Not Your Muse, Not Your Pawn, Not Your Babe

(Note: This post often addresses gender as a male-female binary, which is a wholly limited and incorrect scope of gender and I fully acknowledge that there are more than two genders; the gender binary is referenced here to address the ways in which much of the mainstream dance world addresses gender.)

Here’s what I’m tired of: gender roles in general but specifically at this moment, the male-centered narrative that allows men to wear women as their accessories, to see them as vessels to the man’s desired end.  You see this in movies, in how roles in a household are constructed, in the workplace, and, to my eternal disappointment, very blatantly in the dance world.  Many factions of the dance world, and particularly the mainstream dance world, love to care a whole lot about centering men.  And not just centering them, but idolizing them.  They are the creators, the curators, the writers of bodies.  And women are often, at best, resigned to being their muses. Continue reading “Not Your Muse, Not Your Pawn, Not Your Babe”

Not My Problem: The Feminization of Emotional Labor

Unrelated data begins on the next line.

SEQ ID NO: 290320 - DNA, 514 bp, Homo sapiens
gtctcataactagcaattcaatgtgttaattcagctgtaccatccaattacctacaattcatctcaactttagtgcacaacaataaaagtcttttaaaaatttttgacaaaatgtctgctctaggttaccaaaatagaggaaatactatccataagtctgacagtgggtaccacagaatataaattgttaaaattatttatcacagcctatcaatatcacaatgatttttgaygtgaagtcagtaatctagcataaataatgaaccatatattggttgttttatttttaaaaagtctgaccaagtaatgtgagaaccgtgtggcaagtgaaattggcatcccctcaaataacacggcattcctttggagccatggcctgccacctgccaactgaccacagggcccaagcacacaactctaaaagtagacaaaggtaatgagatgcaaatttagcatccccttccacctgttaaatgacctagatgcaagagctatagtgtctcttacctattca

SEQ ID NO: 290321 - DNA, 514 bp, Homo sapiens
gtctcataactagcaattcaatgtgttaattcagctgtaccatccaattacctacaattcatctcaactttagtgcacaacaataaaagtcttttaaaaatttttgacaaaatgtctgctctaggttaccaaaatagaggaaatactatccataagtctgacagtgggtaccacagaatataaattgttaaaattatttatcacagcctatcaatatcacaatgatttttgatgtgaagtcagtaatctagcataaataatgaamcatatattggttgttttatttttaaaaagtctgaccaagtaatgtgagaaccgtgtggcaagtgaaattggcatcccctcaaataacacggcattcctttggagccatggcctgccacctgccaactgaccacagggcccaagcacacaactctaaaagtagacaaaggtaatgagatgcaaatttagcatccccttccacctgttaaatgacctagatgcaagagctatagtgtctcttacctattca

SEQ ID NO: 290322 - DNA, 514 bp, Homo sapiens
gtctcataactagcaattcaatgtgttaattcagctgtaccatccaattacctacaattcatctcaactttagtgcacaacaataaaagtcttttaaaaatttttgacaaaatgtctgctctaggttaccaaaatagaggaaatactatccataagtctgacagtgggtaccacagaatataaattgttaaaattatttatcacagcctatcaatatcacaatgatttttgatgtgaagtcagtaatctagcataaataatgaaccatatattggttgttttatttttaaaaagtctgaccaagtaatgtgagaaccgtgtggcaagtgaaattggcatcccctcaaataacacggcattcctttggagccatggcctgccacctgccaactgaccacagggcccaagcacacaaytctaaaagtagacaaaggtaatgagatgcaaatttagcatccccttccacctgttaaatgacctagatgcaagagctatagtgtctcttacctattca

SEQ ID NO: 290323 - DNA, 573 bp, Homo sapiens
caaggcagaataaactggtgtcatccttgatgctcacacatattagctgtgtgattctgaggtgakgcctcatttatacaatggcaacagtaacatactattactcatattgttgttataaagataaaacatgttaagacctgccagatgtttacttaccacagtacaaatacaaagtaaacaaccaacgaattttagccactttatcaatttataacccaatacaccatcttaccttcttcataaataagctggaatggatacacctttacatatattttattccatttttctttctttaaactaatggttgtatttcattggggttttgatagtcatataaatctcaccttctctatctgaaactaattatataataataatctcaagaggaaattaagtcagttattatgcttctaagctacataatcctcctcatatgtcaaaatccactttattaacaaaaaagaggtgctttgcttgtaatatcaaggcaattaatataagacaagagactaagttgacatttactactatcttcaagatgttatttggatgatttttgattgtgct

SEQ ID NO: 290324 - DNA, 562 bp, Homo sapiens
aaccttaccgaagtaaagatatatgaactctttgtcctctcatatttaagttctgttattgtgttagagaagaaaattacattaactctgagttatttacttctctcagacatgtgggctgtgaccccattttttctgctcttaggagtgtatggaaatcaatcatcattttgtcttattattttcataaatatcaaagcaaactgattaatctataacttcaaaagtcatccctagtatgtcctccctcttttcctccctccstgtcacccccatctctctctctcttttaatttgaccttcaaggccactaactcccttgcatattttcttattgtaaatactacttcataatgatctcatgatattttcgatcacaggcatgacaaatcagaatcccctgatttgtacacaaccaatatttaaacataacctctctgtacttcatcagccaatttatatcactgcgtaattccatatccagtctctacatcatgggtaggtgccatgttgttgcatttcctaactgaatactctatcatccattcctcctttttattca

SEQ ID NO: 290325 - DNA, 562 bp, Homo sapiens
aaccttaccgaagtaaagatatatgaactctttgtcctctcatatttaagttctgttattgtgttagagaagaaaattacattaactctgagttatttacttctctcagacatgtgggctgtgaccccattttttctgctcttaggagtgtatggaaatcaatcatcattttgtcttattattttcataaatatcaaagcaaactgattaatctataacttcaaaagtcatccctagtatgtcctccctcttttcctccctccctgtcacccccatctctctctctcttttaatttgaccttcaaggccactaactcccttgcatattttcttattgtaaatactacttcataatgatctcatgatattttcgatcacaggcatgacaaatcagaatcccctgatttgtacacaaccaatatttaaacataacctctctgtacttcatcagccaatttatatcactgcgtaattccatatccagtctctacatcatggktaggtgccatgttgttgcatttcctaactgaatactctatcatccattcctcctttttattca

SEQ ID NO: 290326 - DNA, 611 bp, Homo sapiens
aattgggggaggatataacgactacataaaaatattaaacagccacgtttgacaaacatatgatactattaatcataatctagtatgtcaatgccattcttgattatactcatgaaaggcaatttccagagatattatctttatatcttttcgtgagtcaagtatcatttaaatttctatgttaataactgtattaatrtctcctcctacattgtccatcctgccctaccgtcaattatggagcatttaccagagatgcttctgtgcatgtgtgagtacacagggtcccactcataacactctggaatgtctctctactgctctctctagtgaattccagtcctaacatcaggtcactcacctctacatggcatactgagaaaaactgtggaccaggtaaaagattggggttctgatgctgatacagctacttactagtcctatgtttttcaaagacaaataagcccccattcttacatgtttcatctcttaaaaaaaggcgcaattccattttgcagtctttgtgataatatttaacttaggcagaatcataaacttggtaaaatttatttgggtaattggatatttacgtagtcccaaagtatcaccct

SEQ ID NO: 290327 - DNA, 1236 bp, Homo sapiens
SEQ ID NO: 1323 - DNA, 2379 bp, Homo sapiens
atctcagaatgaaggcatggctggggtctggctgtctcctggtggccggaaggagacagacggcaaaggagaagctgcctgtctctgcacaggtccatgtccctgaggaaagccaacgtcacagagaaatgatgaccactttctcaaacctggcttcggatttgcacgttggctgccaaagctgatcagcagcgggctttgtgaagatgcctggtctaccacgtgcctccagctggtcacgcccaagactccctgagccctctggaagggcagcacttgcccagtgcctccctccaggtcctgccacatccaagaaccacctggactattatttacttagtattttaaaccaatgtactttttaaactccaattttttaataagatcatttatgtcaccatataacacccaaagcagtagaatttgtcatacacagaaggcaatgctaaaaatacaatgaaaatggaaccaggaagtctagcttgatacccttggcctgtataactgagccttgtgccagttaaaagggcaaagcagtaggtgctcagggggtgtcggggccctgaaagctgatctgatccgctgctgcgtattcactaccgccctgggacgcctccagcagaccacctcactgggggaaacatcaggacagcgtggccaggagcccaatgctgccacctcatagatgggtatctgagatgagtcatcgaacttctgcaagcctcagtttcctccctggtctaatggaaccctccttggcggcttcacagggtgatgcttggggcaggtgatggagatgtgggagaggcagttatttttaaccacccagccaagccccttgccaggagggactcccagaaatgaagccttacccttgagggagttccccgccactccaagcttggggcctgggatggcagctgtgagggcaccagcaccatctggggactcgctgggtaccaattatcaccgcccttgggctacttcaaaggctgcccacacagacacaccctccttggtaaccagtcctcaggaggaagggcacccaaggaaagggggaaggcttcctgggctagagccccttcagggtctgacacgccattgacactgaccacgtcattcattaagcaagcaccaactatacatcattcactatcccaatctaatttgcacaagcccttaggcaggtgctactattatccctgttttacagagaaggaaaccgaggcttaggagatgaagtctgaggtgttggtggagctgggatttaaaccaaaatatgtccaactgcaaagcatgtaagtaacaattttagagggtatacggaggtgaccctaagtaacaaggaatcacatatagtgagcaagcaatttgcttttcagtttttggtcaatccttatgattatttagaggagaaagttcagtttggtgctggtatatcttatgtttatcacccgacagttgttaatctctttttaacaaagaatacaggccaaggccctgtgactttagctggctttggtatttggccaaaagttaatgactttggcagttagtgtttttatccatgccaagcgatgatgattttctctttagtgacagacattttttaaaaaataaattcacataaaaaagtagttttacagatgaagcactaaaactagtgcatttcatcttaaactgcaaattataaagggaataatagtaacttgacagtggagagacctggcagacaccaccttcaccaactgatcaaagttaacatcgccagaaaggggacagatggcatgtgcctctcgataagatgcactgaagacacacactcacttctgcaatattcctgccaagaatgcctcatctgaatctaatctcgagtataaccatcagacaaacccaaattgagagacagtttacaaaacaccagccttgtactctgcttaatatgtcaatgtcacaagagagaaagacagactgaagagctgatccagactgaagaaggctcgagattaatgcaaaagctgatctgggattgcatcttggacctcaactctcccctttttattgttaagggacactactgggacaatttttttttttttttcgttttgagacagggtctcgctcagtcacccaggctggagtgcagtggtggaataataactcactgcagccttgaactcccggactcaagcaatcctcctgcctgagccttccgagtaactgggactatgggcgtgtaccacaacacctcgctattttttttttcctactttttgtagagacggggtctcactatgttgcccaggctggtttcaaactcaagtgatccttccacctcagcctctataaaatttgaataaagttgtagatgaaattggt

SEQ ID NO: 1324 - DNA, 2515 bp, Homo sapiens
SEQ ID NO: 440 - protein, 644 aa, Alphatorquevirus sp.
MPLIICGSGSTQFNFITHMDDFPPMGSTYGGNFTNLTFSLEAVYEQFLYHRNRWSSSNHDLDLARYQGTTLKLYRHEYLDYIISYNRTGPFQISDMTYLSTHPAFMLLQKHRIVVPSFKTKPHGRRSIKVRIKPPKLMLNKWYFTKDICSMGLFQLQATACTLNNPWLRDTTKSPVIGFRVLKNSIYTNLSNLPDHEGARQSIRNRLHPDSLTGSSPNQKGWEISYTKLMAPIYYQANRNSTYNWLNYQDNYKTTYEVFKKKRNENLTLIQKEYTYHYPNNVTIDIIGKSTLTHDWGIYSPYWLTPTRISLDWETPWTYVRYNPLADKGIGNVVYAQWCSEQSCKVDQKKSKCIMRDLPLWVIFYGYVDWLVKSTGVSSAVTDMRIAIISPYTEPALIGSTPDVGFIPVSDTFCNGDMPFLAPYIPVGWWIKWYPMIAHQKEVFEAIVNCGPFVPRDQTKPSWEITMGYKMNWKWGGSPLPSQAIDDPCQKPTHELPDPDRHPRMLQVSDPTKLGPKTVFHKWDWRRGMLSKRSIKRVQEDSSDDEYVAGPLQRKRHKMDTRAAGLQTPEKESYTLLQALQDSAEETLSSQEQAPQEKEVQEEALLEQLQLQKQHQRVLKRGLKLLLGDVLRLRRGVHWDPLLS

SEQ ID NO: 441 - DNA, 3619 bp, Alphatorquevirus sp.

I’ve spent a lot of time lately thinking about how I allocate my time and how this can and should be affected by the way that people respect or disrespect the time, energy, and expertise I put into my endeavors.  For me, this has a lot to do with emotional labor.  Emotional labor is, essentially, lending your emotional capacity to ameliorate someone else’s emotional distress or just to serve someone else’s perceived emotional needs.  This often goes without acknowledgement, compensation, etc. and it is coded as very feminine.  Women, feminine-presenting people, and people taking on traditionally feminized positions are trained from day one to offer themselves as people who are present to listen and to help, which has a lot to do with the ways gender roles are constructed in our society.  Women, and consequently feminized roles, are coded as being positions of support.  Some classic examples of this are the secretary and the nurse, which are both highly feminized professions that are considered to be support for higher up executives and doctors, respectively.  This stems from a long, deep-seeded history of conflating femininity with weakness and also conflating emotional sensitivity with weakness. Continue reading “Not My Problem: The Feminization of Emotional Labor”

Cracks in the Castle Walls: Why I’d Read My Kids Dystopias, Not Fairytales

I’d like to open by saying that when I refer to “my kids” in the title, these are very very very theoretical children.  As in I don’t intend to have kids.  Certainly not in the near future.  Quite possibly not ever.  So this is, by no means, a commentary on parenting style.  What it is is a commentary on the shortcomings and the deep-seeded problems with the stories fed to our kids from day one.  It’s also important to note that the fairytales I’m talking about here are the Disney-rendered modern versions of the stories, not the Brothers Grim originals, as these have very different intentions and often different plots. Continue reading “Cracks in the Castle Walls: Why I’d Read My Kids Dystopias, Not Fairytales”